Separate, the two countries could still have had a common defense agreement. They just wouldn't have also had a common government. Perhaps that might persist to today. Or they might have united in the late nineteenth century, after the McCarthy cotton gin made slavery non-profitable and world opinion swung away.

A separation avoids the Civil War, and it allows the North to be more abolitionist. Note that the Act Prohibiting Importation of Slaves was passed by a Southern president. So they might still have passed it. Either then or under international pressure once the United Kingdom banned slavery.

Of course, a separation also risks that slavery would have lasted longer. Without the join, there would have been less reason for the South to have compromised. Perhaps they would have stayed as they were longer. Or they might have faced a blockade earlier due to international opposition to slavery. Slavery was an internal question in history. But if there were two countries, it would have been an international question.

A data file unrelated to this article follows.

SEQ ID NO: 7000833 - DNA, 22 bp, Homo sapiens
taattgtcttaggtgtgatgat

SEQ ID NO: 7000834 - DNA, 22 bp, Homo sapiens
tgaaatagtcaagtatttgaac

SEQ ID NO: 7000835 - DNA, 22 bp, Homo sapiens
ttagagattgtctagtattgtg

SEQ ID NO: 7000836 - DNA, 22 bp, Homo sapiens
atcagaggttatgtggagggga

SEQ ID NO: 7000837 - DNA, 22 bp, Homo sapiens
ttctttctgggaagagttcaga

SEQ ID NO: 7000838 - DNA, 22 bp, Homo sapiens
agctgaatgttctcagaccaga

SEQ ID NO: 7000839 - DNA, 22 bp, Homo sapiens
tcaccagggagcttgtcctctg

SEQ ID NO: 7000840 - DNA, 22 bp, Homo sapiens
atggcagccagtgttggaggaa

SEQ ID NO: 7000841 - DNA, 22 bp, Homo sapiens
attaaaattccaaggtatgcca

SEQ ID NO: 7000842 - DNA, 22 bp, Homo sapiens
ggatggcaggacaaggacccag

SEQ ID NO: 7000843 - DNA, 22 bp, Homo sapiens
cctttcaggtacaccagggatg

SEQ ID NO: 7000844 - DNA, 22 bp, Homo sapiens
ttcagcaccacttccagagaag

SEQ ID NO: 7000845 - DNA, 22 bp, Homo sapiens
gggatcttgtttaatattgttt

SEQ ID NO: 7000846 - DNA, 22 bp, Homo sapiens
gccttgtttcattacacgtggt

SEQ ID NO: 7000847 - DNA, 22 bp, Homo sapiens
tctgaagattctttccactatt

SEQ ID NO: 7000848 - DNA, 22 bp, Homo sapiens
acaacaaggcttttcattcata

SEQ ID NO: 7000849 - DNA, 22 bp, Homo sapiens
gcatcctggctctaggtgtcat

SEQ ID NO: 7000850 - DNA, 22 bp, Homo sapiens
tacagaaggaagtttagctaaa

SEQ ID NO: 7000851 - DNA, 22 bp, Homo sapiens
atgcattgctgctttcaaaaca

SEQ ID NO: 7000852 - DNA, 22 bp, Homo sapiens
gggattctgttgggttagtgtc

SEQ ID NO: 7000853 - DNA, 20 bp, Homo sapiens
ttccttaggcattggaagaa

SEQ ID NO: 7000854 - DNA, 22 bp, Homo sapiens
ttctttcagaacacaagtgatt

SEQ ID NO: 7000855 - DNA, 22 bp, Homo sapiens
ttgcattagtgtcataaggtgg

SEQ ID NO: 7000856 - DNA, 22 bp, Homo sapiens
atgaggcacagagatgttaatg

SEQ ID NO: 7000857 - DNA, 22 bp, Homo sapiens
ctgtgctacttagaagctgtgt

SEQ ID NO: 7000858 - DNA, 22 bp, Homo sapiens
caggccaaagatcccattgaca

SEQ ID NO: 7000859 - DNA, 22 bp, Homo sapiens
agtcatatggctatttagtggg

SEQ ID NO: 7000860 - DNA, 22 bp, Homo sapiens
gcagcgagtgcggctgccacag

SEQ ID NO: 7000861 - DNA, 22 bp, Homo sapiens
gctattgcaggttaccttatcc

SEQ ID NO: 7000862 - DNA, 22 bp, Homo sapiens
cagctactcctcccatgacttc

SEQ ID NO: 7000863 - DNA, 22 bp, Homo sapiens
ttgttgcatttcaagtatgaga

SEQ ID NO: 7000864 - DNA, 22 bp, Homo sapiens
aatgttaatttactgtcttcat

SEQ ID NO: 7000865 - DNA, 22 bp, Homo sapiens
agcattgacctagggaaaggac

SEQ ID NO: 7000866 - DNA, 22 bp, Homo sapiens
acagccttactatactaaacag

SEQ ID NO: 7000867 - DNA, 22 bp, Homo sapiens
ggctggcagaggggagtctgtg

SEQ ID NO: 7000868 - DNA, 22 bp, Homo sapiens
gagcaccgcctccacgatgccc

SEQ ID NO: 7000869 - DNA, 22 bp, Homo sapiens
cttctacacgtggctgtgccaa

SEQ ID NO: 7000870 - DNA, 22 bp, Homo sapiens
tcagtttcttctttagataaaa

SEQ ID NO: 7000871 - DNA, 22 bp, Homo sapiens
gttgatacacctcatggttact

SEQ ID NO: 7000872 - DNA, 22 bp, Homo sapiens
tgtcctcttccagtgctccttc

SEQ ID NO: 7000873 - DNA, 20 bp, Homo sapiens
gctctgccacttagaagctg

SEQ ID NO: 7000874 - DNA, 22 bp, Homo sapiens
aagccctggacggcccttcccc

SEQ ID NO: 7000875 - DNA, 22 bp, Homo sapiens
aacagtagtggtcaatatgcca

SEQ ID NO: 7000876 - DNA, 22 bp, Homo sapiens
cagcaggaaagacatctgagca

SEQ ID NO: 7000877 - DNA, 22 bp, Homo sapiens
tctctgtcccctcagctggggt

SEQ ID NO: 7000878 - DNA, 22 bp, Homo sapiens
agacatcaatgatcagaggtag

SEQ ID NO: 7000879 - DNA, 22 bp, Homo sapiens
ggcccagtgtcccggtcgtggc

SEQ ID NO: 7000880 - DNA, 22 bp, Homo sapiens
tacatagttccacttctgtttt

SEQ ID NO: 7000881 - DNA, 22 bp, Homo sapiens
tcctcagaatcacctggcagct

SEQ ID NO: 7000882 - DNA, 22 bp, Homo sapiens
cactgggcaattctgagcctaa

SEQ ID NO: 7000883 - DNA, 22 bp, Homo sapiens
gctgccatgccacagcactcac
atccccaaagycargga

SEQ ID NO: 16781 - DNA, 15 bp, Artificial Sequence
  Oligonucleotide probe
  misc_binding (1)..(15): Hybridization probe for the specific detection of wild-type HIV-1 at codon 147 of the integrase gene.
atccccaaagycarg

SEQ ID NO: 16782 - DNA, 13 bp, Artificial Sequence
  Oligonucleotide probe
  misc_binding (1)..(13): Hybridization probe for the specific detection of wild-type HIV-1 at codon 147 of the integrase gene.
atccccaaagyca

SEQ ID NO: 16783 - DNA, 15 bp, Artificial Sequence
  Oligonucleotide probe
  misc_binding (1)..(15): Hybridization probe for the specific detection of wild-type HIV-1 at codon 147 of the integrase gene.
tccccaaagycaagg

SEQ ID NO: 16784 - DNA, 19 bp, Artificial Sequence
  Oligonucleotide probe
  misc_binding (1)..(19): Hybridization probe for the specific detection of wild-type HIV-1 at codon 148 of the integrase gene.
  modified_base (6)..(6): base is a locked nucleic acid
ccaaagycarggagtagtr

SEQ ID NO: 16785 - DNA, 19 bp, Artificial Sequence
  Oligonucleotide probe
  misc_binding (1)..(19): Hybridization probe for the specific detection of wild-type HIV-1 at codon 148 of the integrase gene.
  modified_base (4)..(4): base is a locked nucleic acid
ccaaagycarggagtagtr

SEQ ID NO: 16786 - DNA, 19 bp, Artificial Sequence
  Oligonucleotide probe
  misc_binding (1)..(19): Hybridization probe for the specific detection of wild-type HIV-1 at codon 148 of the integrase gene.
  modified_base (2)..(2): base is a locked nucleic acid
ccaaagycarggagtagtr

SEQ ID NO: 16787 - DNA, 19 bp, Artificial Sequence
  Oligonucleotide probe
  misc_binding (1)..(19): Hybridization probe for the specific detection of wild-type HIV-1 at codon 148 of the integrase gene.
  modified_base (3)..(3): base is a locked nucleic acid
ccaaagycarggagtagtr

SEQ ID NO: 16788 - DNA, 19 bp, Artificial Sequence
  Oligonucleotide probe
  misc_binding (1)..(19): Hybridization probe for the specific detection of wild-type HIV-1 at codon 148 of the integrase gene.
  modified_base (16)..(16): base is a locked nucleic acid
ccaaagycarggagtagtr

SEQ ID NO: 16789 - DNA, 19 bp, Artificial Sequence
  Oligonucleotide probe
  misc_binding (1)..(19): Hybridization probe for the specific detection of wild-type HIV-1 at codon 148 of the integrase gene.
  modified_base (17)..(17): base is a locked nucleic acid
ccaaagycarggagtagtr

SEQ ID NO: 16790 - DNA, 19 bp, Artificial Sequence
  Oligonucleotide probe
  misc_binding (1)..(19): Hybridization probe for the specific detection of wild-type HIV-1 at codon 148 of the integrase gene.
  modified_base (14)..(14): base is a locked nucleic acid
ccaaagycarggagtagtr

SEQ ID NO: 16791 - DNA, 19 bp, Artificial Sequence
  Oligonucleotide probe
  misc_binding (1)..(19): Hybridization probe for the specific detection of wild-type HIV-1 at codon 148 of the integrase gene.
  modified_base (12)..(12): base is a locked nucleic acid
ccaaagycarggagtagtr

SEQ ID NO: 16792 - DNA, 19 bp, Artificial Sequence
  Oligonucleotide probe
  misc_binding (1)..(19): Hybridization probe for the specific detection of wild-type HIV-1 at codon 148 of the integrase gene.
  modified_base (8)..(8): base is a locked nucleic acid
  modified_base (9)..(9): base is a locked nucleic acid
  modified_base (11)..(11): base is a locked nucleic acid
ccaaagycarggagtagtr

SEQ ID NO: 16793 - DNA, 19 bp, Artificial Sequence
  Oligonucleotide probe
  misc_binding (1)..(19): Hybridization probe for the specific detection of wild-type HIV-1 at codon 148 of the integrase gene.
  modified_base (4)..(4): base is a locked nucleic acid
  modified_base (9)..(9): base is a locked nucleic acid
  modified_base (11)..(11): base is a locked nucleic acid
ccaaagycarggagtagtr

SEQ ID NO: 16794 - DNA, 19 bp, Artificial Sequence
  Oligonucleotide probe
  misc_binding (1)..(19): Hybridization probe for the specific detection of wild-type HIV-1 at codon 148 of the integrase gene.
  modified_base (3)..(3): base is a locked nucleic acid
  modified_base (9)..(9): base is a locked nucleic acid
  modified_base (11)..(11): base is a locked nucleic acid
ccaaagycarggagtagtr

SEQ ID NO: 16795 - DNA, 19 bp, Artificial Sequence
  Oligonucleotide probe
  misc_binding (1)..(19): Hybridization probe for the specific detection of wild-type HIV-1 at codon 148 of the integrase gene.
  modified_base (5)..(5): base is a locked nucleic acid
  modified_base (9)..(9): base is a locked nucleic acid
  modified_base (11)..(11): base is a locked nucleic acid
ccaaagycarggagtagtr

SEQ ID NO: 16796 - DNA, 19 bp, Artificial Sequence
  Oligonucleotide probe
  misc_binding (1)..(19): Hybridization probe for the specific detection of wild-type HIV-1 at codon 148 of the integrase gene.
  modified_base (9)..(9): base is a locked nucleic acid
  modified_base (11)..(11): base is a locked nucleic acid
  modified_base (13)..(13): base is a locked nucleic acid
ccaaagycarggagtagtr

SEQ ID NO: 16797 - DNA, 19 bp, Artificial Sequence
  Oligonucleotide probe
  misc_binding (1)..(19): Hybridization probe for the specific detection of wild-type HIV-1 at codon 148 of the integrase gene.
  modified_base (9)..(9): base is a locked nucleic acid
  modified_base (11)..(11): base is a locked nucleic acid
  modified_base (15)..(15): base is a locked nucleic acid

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  • $\begingroup$ The cotton gin massively increased the profitability of cotton and therefore the demand for slaves as manual labor and was invented in the late 18th century. I'm not sure what invention you are referring to that would have made slavery non-profitable in the late 19th century. $\endgroup$ – Mike Nichols Feb 22 at 20:40